• Regarding: "The most basic precaution that you can take is to make sure that your application never performs any side-effects in response to GET requests." Is it possible for a CSRF attack to fake a POST request? – Costa Feb 23 '16 at 17:59
  • Depending on the Server Side Application, it CAN be possible. There are Web Frameworks, that use something like http://.../someRestResource?method=POST. So it's basically a GET request, but the Server Application interprets it as a POST request, because it was configured to use the method parameter instead of the HTTP header. ... Regarding the common web browsers, they enforce the Same-Origin-Policy and will only execute GET requests to foreign servers. Though it could be possible to execute POST requests if the web browser doesn't apply those web standards (bug, malware). – Benjamin M Feb 24 '16 at 10:03
  • 1
    Addition to the Server Side App: It's still not possible to send a Request Body, because the common browsers will not allow this. However, if the Server App allows method=POST, it might also allow body={someJson} to override the default request body. That's really bad API design and extremely risky. Though if your Server App allows http://...?method=POST&body={someJson} you should really overthink what you did there and why and if it's necessary at all. (I'd say in 99,9999% of the cases it's not necessary). Additionally browsers can only send a few kilobytes this way. – Benjamin M Feb 24 '16 at 10:14
  • @BenjaminM notice that Same Origin Policy only prevents the javaScript code from accessing the result so while the request is "blocked" it actually reaches the server - jsbin.com/mewaxikuqo/edit?html,js,output I only tested this on firefox, but you can open dev tools and see that even tho you get "Cross-Origin Request Blocked" the remote server actually see the whole request. that is why you must have tokens or custom headers (and if possible both) to all your POST requests – Yoni Jah May 19 '16 at 9:13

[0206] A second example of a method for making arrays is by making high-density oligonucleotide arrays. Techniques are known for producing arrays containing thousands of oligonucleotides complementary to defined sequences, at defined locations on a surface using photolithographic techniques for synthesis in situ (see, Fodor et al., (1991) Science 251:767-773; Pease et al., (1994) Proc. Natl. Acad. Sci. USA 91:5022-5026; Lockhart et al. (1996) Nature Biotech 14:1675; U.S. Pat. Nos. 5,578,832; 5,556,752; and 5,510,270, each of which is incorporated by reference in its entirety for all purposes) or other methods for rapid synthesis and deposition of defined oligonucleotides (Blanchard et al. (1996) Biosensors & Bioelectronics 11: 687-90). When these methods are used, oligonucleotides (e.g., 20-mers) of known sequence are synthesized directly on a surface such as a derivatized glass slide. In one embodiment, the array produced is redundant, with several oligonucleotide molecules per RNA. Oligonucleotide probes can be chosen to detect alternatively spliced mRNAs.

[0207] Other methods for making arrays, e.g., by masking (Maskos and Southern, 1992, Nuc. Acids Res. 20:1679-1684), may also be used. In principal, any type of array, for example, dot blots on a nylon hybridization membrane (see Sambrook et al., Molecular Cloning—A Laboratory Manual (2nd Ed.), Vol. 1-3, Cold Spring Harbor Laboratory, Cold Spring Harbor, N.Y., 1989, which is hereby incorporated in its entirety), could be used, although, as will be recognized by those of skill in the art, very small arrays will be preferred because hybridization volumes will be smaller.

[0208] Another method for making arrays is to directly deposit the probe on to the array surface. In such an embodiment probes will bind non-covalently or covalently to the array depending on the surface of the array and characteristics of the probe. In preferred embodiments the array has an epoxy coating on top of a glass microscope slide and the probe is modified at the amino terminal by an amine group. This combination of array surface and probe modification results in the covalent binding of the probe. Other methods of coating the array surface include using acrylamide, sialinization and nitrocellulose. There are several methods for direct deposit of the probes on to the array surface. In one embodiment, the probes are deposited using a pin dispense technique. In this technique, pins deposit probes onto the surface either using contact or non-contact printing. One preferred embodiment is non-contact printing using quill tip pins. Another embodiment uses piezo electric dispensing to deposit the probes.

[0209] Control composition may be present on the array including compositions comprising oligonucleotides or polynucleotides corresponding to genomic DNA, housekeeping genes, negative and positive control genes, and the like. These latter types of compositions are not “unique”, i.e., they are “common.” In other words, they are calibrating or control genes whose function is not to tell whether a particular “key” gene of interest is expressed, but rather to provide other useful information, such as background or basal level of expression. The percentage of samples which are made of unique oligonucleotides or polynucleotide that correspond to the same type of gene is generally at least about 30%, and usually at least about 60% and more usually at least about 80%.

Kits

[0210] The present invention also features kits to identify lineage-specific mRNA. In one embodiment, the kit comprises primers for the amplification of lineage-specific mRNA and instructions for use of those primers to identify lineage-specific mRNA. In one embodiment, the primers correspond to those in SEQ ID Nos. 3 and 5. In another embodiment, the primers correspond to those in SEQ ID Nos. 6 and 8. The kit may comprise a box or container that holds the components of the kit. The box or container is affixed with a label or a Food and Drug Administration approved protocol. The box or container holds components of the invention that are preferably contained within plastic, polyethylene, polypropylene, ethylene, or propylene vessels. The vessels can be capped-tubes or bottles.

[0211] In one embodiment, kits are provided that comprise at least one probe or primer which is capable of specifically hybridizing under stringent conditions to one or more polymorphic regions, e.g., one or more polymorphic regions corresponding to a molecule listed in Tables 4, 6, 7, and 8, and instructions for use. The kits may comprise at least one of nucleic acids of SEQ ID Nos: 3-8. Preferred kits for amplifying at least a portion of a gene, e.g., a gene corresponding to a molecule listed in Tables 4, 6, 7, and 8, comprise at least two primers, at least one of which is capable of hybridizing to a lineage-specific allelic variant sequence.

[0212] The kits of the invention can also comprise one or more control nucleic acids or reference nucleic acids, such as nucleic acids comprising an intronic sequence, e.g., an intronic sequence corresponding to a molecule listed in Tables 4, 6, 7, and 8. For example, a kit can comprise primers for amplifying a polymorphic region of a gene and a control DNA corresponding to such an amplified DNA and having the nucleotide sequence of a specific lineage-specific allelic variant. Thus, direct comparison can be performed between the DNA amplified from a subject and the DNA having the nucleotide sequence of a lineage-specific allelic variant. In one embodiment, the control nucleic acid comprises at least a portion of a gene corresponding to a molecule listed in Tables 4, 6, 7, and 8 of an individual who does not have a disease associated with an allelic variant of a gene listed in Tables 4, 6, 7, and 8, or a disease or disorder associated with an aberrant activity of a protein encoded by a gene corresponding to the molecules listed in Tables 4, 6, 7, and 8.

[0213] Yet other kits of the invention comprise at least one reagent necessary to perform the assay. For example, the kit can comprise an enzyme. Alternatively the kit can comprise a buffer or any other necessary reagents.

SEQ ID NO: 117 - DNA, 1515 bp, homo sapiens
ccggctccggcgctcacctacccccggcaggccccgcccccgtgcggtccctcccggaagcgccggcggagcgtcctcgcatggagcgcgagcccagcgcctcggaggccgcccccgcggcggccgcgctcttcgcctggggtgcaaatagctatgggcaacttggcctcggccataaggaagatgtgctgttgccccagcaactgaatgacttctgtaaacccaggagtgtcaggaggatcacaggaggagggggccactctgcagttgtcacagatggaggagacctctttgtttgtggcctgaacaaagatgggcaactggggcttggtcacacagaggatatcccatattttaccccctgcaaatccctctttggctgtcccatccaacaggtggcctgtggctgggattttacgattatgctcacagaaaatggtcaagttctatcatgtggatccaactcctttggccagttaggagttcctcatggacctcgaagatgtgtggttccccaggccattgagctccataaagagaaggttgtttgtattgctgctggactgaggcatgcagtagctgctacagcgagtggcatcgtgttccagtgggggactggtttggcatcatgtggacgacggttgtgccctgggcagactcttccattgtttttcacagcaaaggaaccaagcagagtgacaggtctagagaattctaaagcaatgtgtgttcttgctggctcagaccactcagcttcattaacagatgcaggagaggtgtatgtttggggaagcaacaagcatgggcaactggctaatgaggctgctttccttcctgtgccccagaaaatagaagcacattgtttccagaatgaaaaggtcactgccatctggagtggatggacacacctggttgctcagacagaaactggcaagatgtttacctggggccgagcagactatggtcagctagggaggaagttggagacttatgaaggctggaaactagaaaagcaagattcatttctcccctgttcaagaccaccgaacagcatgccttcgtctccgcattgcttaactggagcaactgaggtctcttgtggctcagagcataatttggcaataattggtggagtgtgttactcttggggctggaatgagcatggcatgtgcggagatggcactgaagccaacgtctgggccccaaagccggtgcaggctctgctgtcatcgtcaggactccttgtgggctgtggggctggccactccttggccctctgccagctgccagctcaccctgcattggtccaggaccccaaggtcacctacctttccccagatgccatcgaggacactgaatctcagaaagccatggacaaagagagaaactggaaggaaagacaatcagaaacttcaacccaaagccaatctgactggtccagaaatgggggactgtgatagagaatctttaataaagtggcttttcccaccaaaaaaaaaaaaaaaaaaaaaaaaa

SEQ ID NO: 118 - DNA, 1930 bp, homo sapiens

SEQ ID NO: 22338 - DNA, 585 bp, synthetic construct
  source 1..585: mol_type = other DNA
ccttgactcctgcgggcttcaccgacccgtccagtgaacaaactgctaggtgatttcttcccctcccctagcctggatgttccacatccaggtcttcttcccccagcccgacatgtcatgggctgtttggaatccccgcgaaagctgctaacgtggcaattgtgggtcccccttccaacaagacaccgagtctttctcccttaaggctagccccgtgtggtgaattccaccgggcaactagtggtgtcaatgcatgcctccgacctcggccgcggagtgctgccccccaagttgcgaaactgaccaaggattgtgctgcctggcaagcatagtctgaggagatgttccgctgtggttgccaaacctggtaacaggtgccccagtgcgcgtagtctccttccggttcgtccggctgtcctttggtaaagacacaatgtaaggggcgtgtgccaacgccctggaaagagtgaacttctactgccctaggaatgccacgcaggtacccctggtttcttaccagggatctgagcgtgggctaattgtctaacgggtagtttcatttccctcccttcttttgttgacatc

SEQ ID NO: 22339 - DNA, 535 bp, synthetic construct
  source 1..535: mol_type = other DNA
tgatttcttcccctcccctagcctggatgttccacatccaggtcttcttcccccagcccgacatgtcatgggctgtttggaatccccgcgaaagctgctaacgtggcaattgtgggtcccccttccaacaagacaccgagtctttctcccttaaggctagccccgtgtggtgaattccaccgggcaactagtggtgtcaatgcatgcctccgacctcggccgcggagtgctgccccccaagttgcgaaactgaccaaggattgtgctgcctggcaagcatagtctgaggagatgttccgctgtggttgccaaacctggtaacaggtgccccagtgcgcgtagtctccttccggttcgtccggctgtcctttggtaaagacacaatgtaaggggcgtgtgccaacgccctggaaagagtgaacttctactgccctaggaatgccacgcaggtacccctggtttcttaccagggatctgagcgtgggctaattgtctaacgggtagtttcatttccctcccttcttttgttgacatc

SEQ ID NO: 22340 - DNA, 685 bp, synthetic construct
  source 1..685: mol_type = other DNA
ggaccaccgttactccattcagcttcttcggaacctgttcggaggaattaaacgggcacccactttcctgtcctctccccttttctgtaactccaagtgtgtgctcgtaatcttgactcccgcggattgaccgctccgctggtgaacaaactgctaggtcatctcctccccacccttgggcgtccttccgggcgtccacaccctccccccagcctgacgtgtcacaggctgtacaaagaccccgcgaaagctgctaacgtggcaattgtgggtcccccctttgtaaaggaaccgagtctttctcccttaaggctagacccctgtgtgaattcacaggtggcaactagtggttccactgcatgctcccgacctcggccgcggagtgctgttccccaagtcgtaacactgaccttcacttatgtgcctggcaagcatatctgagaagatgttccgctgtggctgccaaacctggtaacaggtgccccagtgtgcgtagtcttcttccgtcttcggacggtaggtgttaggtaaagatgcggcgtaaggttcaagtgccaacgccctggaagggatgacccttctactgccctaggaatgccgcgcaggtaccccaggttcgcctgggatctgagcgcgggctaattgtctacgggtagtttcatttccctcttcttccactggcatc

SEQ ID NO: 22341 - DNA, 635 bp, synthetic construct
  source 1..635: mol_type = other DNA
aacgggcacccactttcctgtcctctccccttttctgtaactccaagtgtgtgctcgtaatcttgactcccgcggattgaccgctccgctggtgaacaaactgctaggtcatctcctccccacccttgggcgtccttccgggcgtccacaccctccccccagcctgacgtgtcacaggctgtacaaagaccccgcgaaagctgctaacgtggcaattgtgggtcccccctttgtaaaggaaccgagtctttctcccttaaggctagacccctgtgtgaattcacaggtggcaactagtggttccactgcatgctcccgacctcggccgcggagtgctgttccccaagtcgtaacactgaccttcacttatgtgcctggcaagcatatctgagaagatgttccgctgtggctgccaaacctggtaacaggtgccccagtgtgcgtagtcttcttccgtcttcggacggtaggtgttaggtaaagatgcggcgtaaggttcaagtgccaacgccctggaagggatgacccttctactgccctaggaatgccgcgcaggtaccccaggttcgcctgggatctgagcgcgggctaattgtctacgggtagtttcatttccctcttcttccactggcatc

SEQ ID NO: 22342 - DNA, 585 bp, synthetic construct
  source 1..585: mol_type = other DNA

TL;DR

A JWT, if used without Cookies, negates the need for a CSRF token - BUT! by storing JWT in session/localStorage, your expose your JWT and user's identity if your site has an XSS vulnerability (fairly common). It is better to add a csrfToken key to the JWT and store the JWT in a cookie with secure and http-only attributes set.

Read this article with a good description for more info https://stormpath.com/blog/where-to-store-your-jwts-cookies-vs-html5-web-storage

You can make this CSRF protection stateless by including a xsrfToken JWT claim:

{ "iss": "http://galaxies.com", "exp": 1300819380, "scopes": ["explorer", "solar-harvester", "seller"], "sub": "tom@andromeda.com", "xsrfToken": "d9b9714c-7ac0-42e0-8696-2dae95dbc33e" }

So you will need to store the csrfToken in localStorage/sessionStorage as well as in the JWT itself (which is stored in a http-only and secure cookie). Then for csrf protection, verify that the csrf token in the JWT matches the submitted csrf-token header.

  • This seems like the most common-sense approach to security to me - especially if the javascript application is granted a refresh token. You really don't an attacker to csrf to be able to forge to token refresh method. – J-DawG Jun 17 '16 at 2:49
  • 2
    Should one exempt csrf token usage during api authentication of user? – user805981 Sep 6 '16 at 21:53
  • 2
    It's worth pointing out (as others have also mentioned in comments on the source link) that any CSRF mitigation that uses a) cookies, which are not http-only or b) stores the CSRF token in local storage is vulnerable to XSS. This means that the presented approach may help keeping the JWT secret from an attacker using XSS, but an attacker would still be able to execute a malicious request on your API because he's able to provide a valid JWT (via the cookie, thank you browser) and CSRF token (read via injected JS from local storage/cookie). – Johannes Rudolph Dec 27 '16 at 13:33
  • 1
    Actually even a CSRF token cannot protect you at this level of XSS, since you are assuming the attacker can access localStorage, which the only way currently to access that is to have script level access, which they can take a look of the CSRF token anyway. – itsnotvalid Jan 15 '17 at 8:55
  • 1
    Isn't that what @JohannesRudolph was saying? As soon as you store the CSRF Token in Web Storage/non-http-only cookie you are increasing your footprint of an XSS attack because those are accessible via JS. – adam-beck Jan 27 '17 at 6:22